The Glycemic Index and Your Diet
The Glycemic Index
The Glycemic Index (GI) was created several years ago for people with diabetes in order to help develop nutritional plans for people with the disease. Carbohydrates come in three different forms - sugars, starches and fibers and they all behave differently in our bodies. The GI enables a person to understand this behaviour by ranking carbs according to their effect on our blood glucose levels. The secret to long-term health and reduction of risk for heart disease and diabetes can be found in choosing lower GI carbs, the ones which produce only small fluctuations in our blood glucose and insulin levels.
High GI Foods - What They Do
Eating higher GI foods produces a rapid increase in blood glucose levels which cause the pancreas to produce insulin. This release of insulin causes the body's muscle and liver cells to attempt to store the excess glucose. If there is an overload of glucose into the blood stream moving faster than the insulin can handle it, then the body will deal with the overload by turning it to fat. By eating lower GI foods, there is a slower rise in glucose, and little insulin and fat storage.
How The Body Handles Sugars
Grabbing a soda, candy bar or even a bottle of fruit juice can easily create the situation wherein the blood is flooded with the ingested sugar. Suddenly you have an energy rush (sugar high) and your body calls for help from the pancreas to produce additional insulin to handle the load. Momentarily your blood sugar lowers, in response to the infusion of insulin, and you then have a sense that you need more fuel (calories). The residual low blood sugar level causes you to crave something to give you more energy so you head for the sugar again. And the cycle begins...
While the pancreas secretes insulin to handle the sugar load, it is forced to lower its production of another hormone called glucagon. Glucagon is the only hormone in your body which allows stored body fat to be released into the bloodstream to be burned by your muscles as energy. By forcing the pancreas to use its energy producing insulin to handle a sugar load, your body is effectively locking in excess body fat. Reducing stored body fat is negatively impacted by the intake of too much simple sugar.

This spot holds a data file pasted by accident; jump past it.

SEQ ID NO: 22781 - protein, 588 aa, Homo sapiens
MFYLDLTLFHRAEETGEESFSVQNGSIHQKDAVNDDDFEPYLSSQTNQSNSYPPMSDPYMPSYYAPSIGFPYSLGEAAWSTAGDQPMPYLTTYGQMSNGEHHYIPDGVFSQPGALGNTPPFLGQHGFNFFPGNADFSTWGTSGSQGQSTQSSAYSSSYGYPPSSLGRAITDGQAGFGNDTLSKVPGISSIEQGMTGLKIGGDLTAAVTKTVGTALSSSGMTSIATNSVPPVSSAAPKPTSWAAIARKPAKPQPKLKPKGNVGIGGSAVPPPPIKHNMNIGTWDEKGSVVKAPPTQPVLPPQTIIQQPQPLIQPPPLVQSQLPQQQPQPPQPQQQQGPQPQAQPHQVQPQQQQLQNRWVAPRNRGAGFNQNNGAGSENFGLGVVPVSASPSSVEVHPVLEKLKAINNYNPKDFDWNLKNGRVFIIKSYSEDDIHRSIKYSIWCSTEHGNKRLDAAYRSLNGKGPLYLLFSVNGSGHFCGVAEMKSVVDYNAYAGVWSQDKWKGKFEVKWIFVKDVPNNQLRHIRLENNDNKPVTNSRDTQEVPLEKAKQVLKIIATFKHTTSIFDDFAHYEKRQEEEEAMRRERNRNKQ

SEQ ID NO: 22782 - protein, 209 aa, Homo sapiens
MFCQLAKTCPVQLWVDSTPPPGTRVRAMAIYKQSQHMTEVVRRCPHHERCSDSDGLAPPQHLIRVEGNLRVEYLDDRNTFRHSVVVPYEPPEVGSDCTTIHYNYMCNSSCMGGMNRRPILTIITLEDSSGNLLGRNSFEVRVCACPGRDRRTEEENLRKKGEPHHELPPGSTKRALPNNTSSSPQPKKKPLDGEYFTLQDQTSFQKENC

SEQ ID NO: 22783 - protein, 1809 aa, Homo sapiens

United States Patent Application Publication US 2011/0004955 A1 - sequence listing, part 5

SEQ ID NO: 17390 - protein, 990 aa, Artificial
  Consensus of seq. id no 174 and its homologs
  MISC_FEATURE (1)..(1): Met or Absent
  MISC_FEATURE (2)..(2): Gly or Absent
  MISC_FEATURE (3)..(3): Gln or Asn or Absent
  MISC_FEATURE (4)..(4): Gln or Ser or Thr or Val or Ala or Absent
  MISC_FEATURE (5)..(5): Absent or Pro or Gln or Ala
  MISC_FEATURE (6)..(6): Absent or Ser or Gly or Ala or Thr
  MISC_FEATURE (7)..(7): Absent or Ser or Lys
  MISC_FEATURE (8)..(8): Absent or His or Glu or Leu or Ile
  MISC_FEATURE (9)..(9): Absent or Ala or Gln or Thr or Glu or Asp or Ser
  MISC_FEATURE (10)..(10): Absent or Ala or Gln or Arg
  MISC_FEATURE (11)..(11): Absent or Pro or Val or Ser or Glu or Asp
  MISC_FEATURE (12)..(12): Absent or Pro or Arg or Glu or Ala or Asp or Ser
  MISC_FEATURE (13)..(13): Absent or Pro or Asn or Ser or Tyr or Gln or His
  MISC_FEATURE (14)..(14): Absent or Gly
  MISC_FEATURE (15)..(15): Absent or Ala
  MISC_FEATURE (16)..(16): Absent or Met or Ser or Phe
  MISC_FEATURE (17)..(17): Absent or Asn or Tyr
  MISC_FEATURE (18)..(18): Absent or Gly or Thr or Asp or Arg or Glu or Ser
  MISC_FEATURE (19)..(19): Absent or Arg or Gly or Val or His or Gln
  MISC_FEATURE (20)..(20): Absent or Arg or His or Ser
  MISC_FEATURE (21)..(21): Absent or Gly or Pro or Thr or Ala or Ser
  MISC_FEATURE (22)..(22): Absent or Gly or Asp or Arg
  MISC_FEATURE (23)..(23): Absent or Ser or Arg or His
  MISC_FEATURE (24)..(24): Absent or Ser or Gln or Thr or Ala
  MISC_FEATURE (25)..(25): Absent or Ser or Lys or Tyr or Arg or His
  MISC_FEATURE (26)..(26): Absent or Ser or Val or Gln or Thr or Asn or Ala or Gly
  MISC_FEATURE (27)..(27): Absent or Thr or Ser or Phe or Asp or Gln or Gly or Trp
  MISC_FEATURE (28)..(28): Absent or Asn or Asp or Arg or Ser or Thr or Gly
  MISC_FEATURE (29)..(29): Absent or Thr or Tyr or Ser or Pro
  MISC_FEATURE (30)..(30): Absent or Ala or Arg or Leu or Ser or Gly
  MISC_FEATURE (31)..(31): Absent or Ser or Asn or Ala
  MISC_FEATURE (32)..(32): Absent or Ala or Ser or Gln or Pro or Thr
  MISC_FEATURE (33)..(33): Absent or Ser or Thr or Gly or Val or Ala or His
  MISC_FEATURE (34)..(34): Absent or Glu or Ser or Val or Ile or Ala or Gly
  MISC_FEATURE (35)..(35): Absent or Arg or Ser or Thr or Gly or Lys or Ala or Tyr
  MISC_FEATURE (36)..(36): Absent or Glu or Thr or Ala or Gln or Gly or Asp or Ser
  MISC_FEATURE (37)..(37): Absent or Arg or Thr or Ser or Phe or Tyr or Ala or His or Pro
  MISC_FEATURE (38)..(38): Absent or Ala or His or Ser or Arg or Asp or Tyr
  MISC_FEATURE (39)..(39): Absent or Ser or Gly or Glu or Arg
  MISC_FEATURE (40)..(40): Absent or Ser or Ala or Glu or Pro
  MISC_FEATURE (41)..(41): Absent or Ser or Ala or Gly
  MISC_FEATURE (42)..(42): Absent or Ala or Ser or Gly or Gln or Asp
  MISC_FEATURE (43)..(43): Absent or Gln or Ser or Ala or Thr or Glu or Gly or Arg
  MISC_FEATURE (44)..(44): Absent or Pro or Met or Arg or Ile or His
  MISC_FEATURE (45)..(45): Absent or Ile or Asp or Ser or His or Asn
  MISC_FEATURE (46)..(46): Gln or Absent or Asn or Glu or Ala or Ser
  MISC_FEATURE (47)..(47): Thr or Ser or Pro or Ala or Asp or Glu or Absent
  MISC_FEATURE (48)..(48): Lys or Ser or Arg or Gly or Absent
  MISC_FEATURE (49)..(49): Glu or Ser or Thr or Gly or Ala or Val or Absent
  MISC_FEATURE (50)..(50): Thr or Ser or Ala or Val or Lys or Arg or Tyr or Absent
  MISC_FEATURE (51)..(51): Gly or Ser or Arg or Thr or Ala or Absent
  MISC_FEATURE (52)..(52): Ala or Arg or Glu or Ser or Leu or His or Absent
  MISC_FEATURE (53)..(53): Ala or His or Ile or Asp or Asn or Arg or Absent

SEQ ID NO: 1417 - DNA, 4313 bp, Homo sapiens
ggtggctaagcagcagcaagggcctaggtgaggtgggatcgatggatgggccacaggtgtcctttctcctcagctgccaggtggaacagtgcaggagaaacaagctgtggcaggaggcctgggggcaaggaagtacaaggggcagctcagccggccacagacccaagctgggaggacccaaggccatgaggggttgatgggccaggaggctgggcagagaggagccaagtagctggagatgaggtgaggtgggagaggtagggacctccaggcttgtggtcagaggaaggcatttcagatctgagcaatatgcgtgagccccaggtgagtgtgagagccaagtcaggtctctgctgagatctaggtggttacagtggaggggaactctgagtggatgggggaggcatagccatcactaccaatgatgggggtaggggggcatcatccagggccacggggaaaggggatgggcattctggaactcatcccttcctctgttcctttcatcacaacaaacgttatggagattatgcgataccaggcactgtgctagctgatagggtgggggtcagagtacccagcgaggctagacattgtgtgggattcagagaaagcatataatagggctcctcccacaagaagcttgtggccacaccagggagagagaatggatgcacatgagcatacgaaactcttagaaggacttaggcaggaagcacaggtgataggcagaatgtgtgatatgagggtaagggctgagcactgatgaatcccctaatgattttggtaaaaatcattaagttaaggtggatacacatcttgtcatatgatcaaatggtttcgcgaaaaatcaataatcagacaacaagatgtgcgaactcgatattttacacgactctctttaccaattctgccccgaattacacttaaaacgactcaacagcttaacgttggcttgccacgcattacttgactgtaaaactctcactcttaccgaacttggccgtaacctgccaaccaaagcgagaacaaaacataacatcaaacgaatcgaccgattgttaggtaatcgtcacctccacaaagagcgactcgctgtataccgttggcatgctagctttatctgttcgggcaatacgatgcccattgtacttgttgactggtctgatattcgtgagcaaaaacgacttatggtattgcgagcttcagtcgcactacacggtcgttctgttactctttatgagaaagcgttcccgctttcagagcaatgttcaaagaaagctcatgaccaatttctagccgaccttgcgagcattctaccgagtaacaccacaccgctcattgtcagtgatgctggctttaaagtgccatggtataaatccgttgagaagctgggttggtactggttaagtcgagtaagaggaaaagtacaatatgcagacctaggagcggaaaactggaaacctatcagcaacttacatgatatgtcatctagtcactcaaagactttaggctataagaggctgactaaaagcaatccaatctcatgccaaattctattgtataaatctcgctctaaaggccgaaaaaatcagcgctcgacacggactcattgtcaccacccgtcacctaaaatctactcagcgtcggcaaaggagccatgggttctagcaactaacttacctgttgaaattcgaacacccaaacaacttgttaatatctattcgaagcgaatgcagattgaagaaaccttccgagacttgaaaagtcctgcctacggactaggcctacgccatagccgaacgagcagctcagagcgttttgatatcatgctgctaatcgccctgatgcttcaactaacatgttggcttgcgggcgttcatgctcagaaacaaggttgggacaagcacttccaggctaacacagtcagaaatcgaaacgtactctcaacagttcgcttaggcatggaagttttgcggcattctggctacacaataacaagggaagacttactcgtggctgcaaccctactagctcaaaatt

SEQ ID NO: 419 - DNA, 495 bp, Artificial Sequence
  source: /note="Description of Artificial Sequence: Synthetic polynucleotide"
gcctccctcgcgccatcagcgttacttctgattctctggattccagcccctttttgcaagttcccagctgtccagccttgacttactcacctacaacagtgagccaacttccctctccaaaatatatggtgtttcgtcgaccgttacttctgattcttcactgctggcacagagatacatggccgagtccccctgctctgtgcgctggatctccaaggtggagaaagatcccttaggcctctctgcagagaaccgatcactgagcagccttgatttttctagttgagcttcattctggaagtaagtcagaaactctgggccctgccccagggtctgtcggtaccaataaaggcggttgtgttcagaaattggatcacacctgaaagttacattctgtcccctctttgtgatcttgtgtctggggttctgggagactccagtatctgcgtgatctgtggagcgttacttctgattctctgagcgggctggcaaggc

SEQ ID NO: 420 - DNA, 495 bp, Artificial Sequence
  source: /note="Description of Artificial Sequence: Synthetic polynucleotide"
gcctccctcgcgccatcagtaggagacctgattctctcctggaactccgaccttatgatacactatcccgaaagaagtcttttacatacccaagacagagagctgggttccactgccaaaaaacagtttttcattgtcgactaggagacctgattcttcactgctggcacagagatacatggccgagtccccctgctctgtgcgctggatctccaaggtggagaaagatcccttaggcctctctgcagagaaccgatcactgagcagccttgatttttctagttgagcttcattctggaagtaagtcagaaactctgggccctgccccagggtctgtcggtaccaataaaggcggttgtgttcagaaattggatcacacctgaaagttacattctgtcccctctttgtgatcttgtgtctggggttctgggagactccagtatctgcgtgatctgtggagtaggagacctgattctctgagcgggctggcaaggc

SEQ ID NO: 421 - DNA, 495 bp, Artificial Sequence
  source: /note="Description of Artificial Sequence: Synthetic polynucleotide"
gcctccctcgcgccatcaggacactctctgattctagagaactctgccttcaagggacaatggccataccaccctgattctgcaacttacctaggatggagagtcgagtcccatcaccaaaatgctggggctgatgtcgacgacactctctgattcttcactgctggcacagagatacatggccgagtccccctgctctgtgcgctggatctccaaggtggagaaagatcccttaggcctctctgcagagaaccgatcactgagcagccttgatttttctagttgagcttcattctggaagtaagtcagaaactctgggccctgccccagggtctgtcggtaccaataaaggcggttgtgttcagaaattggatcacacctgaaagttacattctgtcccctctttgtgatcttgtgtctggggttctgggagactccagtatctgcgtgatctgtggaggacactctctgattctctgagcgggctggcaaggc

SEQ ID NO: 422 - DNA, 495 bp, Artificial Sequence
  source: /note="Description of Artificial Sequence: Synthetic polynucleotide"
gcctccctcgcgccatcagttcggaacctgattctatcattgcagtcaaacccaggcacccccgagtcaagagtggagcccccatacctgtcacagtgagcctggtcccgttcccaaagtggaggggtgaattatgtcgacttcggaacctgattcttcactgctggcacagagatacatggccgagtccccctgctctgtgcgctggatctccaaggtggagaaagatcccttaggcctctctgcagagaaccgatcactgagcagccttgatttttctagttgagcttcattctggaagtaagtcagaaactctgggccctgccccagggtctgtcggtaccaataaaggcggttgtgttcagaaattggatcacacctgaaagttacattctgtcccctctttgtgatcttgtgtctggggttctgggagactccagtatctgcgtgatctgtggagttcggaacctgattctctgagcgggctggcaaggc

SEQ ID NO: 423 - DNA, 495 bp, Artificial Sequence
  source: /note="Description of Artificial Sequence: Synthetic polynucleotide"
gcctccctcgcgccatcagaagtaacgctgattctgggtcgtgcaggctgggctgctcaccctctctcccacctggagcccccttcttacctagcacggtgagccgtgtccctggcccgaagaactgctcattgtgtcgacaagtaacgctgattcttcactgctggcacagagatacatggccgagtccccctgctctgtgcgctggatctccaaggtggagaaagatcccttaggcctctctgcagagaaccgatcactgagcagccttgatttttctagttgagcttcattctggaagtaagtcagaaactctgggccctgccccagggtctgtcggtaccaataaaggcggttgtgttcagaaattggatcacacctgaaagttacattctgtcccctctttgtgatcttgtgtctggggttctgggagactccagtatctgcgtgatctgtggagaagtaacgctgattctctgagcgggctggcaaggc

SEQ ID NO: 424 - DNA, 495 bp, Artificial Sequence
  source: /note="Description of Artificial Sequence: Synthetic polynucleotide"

There's a Better Way
Complex Carbs are low on the GI scale and are really the body's preferred source of energy. Healthy carbs are broken down into glucose molecules and are either used for fuel or stored in the muscles and liver as glycogen. The body will run very efficiently when its glucose and glycogen fuel storage is adequate. The energy to function at your best is now available and you've provided your body with the material it needs to reduce body fat and enhance your health.
Your best choices for low GI carbs are found in starches, such as brown rice, sweet potatoes, oatmeal and whole grains and in fibrous carbohydrates. These include asparagus, broccoli, cauliflower, onions, mushrooms, peppers and spinach. Of course there are many more to choose from including dark green leafy vegetables.
Eat fresh and stay away from processed foods and you'll serve your body well.